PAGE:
Astronomy:Mount Sharp

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Short description: Martian mountain
Aeolis Mons
673885main PIA15986-full full.jpg
The rover Curiosity landed on August 6, 2012, near the base of Aeolis Mons.
LocationGale crater on Mars
CoordinatesCoordinates: 5°05′S 137°51′E / 5.08°S 137.85°E / -5.08; 137.85
PeakAeolis Mons – 5.5 km (3.4 mi) 18,045 ft (5,500 m) [1]
DiscovererNASA in the 1970s
EponymAeolis Mons – Aeolis albedo feature
Mount SharpRobert P. Sharp (1911–2004)

Mount Sharp, officially Aeolis Mons (/ˈəlɪs mɒnz/), is a mountain on Mars. It forms the central peak within Gale crater and is located around 5°05′S 137°51′E / 5.08°S 137.85°E / -5.08; 137.85, rising 5.5 km (18,000 ft) high from the valley floor. Its ID in the United States Geological Survey's Gazetteer of Planetary Nomenclature is 15000.[2]

On August 6, 2012, Curiosity (the Mars Science Laboratory rover) landed in "Yellowknife" Quad 51[3][4][5][6] of Aeolis Palus,[7] next to the mountain. NASA named the landing site Bradbury Landing on August 22, 2012.[8] Aeolis Mons is a primary goal for scientific study.[9] On June 5, 2013, NASA announced that Curiosity would begin an 8 km (5.0 mi) journey from the Glenelg area to the base of Aeolis Mons. On November 13, 2013, NASA announced that an entryway the rover would traverse on its way to Aeolis Mons was to be named "Murray Buttes", in honor of planetary scientist Bruce C. Murray (1931–2013).[10] The trip was expected to take about a year and would include stops along the way to study the local terrain.[11][12][13]

On September 11, 2014, NASA announced that Curiosity had reached Aeolis Mons, the rover mission's long-term prime destination.[14][15]

On October 5, 2015, possible recurrent slope lineae, wet brine flows, were reported on Mount Sharp near Curiosity.[16]

On June 1, 2017, NASA reported that an ancient striated lake had existed in Gale crater that could have been favorable for microbial life.[17][18][19]

As of 16, {{C Curiosity h planet Mars for 3298 sols (3389 days) since landing on August 6, 2012. (See Current status.)


The mountain appears to be an enormous mound of eroded sedimentary layers sitting on the central peak of Gale. It rises 5.5 km (18,000 ft) above the northern crater floor and 4.5 km (15,000 ft) above the southern crater floor, higher than the southern crater rim. The sediments may have been laid down over an interval of 2 billion years,[20] and may have once completely filled the crater. Some of the lower sediment layers may have originally been deposited on a lake bed,[20] while observations of possibly cross-bedded strata in the upper mound suggest aeolian processes.[21] However, this issue is debated,[22][23] and the origin of the lower layers remains unclear.[21] If katabatic wind deposition played the predominant role in the emplacement of the sediments, as suggested by reported 3 degree radial slopes of the mound's layers, erosion would have come into play largely to place an upper limit on the mound's growth.[24][25]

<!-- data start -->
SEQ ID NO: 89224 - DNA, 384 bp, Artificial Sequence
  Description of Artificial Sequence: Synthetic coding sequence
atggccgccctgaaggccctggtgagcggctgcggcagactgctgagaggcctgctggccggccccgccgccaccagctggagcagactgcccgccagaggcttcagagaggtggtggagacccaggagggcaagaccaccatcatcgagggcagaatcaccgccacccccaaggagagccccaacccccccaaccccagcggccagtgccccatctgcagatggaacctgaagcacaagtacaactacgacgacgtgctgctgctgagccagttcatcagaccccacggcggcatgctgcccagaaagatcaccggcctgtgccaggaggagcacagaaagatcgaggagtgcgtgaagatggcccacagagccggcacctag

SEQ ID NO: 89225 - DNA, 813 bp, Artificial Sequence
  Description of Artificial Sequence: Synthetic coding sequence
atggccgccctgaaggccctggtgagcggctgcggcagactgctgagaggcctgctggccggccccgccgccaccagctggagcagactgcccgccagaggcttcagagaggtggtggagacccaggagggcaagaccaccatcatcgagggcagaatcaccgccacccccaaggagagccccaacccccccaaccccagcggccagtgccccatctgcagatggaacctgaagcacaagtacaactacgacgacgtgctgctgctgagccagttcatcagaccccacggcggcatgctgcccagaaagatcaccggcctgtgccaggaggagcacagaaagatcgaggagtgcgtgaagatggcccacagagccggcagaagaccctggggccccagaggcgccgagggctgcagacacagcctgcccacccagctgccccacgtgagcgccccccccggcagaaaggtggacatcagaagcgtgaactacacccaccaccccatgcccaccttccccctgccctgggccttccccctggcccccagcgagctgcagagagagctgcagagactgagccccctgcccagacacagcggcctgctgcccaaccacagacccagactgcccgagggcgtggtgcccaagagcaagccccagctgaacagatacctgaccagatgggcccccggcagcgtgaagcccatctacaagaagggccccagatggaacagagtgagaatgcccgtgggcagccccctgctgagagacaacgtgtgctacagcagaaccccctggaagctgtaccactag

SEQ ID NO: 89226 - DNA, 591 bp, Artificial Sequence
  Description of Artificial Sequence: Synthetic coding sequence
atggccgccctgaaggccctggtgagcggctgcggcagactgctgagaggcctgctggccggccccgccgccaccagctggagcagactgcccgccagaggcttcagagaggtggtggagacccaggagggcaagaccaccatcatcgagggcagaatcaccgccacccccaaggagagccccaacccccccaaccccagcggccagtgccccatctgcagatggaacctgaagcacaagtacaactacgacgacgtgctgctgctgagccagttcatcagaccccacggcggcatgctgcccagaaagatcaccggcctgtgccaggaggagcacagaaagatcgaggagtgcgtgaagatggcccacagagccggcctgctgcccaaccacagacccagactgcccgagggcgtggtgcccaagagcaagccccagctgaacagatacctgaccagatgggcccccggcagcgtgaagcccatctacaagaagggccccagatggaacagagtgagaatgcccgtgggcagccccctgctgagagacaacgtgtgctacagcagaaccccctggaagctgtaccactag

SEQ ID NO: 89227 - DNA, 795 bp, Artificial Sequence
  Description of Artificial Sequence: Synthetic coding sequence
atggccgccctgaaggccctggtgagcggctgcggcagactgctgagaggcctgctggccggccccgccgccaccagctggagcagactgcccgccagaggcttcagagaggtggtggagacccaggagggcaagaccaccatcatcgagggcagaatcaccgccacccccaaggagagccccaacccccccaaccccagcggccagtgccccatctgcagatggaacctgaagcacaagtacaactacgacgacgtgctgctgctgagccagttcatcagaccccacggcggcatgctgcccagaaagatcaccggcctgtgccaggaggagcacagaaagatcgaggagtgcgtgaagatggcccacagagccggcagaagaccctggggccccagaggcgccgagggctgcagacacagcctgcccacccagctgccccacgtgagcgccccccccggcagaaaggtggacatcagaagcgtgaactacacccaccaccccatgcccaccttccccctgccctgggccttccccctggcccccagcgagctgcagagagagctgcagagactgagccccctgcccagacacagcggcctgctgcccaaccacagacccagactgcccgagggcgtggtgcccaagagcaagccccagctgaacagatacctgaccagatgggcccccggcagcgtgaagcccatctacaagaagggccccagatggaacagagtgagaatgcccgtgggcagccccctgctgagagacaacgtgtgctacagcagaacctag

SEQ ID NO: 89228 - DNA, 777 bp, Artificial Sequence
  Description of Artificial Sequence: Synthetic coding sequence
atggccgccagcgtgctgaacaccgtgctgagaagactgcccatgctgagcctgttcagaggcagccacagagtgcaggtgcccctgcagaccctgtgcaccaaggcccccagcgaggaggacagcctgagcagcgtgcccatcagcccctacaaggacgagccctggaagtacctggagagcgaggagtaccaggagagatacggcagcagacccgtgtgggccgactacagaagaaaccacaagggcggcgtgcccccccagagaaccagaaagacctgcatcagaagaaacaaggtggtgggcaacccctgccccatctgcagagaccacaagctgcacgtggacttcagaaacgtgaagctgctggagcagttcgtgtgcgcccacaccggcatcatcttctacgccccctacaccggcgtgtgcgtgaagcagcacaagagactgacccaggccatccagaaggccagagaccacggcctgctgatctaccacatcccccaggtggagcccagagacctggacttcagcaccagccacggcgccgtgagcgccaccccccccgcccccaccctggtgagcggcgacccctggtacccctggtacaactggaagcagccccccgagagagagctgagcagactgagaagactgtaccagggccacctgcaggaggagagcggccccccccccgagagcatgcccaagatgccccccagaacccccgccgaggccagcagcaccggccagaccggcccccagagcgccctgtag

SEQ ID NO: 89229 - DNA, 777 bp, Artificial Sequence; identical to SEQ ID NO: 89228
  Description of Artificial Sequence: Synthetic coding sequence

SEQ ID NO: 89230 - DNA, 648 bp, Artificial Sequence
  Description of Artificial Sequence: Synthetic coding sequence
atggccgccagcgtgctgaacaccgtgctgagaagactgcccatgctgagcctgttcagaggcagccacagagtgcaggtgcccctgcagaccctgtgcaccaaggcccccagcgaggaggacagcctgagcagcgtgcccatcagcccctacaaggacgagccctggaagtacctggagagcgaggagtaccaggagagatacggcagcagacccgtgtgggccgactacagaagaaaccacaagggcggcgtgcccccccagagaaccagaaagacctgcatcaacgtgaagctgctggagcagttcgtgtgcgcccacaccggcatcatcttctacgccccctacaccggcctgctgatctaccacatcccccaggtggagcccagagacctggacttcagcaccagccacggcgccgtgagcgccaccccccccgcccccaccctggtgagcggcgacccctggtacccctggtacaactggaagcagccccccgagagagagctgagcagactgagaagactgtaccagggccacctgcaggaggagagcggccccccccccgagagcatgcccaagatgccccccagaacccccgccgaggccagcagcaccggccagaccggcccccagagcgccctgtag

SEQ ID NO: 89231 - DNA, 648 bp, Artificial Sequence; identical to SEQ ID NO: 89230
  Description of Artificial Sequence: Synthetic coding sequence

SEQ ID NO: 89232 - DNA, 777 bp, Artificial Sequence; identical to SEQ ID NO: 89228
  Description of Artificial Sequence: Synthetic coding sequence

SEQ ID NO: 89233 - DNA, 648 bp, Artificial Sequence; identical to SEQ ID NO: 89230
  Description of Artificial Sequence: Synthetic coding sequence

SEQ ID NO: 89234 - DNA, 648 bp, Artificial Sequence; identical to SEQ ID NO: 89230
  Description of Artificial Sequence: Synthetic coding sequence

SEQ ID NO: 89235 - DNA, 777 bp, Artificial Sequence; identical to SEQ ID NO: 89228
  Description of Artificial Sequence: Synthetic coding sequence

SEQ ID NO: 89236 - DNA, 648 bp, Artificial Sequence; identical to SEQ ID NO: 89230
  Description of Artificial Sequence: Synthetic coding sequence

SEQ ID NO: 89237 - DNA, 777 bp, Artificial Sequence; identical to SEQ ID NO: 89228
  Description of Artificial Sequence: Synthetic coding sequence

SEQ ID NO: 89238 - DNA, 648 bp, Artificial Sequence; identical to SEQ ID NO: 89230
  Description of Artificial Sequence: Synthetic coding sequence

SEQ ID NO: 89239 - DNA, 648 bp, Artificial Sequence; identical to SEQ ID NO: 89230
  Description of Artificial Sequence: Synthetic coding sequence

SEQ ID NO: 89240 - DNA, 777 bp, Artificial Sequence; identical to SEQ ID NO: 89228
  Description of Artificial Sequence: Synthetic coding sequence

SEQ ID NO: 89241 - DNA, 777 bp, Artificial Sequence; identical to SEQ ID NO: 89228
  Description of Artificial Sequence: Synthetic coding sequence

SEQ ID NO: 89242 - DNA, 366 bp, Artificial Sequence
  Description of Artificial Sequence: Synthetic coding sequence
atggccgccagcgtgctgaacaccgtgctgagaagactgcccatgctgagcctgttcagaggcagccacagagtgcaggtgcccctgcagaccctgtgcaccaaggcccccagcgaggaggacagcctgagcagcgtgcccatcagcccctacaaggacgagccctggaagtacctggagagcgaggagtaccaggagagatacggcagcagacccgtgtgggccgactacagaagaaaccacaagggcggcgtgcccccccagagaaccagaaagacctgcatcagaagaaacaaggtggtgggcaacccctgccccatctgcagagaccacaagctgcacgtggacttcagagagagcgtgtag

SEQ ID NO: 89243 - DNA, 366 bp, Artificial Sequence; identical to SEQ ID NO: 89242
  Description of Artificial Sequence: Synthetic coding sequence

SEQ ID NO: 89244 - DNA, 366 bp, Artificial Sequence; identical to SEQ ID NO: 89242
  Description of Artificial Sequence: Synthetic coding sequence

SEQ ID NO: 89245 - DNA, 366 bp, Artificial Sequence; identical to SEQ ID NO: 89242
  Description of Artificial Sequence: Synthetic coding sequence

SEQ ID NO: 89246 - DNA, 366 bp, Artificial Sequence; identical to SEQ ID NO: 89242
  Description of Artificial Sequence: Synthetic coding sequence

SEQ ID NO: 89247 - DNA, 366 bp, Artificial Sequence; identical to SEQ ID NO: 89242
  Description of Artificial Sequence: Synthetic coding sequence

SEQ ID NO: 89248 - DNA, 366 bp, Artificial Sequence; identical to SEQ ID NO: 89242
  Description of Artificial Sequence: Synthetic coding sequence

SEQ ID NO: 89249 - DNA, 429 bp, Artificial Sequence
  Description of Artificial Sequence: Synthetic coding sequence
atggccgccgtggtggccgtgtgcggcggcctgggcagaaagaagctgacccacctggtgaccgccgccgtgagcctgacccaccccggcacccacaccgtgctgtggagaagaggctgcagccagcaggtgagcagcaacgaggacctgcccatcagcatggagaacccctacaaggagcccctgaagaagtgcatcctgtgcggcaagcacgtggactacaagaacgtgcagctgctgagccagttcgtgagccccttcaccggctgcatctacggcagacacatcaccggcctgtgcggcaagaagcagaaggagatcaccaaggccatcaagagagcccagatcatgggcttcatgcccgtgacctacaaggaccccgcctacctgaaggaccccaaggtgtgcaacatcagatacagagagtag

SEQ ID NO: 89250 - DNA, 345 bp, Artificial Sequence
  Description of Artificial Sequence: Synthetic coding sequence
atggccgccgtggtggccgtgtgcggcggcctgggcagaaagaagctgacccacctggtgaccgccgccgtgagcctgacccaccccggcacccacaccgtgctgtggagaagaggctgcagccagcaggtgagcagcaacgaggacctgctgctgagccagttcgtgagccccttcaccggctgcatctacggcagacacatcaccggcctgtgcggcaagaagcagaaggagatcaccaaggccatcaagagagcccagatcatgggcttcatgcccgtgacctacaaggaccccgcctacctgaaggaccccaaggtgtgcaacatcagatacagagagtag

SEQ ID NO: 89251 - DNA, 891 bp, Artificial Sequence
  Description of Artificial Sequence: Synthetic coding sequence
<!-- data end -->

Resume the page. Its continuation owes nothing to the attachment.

On December 8, 2014, a panel of NASA scientists discussed (archive 62:03) the latest observations of Curiosity about how water may have helped shape the landscape of Mars, including Aeolis Mons, and had a climate long ago that could have produced long-lasting lakes at many Martian locations.[26][27][28]

On October 8, 2015, NASA confirmed that lakes and streams existed in Gale crater 3.3 - 3.8 billion years ago delivering sediments to build up the lower layers of Mount Sharp.[29][30]

On February 1, 2019, NASA scientists reported that Curiosity had determined, for the first time, the density of Mount Sharp in Gale crater, thereby establishing a clearer understanding of how the mountain was formed.[31][32]

Understanding size

Mons Hadley, on the Moon, is 4.5 km (15,000 ft) high.[33]
Mountain km high
Aeolis 5.5
Huygens 5.5
Denali 5.5 (btp)
Blanc 4.8 (asl)
Uhuru 4.6 (btp)
Fuji 3.8 (asl)
Zugspitze 3

Aeolis Mons is 5.5 km (18,000 ft) high, about the same height as Mons Huygens, the tallest lunar mountain, and taller than Mons Hadley visited by Apollo 15. The tallest mountain known in the Solar System is in Rheasilvia crater on the asteroid Vesta, which contains a central mound that rises 22 km (14 mi; 72,000 ft) high; Olympus Mons on Mars is nearly the same height, at 21.9 km (13.6 mi; 72,000 ft) high.

In comparison, Mount Everest rises to 8.8 km (29,000 ft) altitude above sea level (asl), but is only 4.6 km (15,000 ft) (base-to-peak) (btp).[34] Africa's Mount Kilimanjaro is about 5.9 km (19,000 ft) altitude above sea level to the Uhuru peak;[35] also 4.6 km base-to-peak.[36] America's Denali, also known as Mount McKinley, has a base-to-peak of 5.5 km (18,000 ft).[37] The Franco-Italian Mont Blanc/Monte Bianco is 4.8 km (16,000 ft) in altitude above sea level,[38][39] Mount Fuji, which overlooks Tokyo, Japan, is about 3.8 km (12,000 ft) altitude. Compared to the Andes, Aeolis Mons would rank outside the hundred tallest peaks, being roughly the same height as Argentina's Cerro Pajonal; the peak is higher than any above sea level in Oceania, but base-to peak it is considerably shorter than Hawaii's Mauna Kea and its neighbors.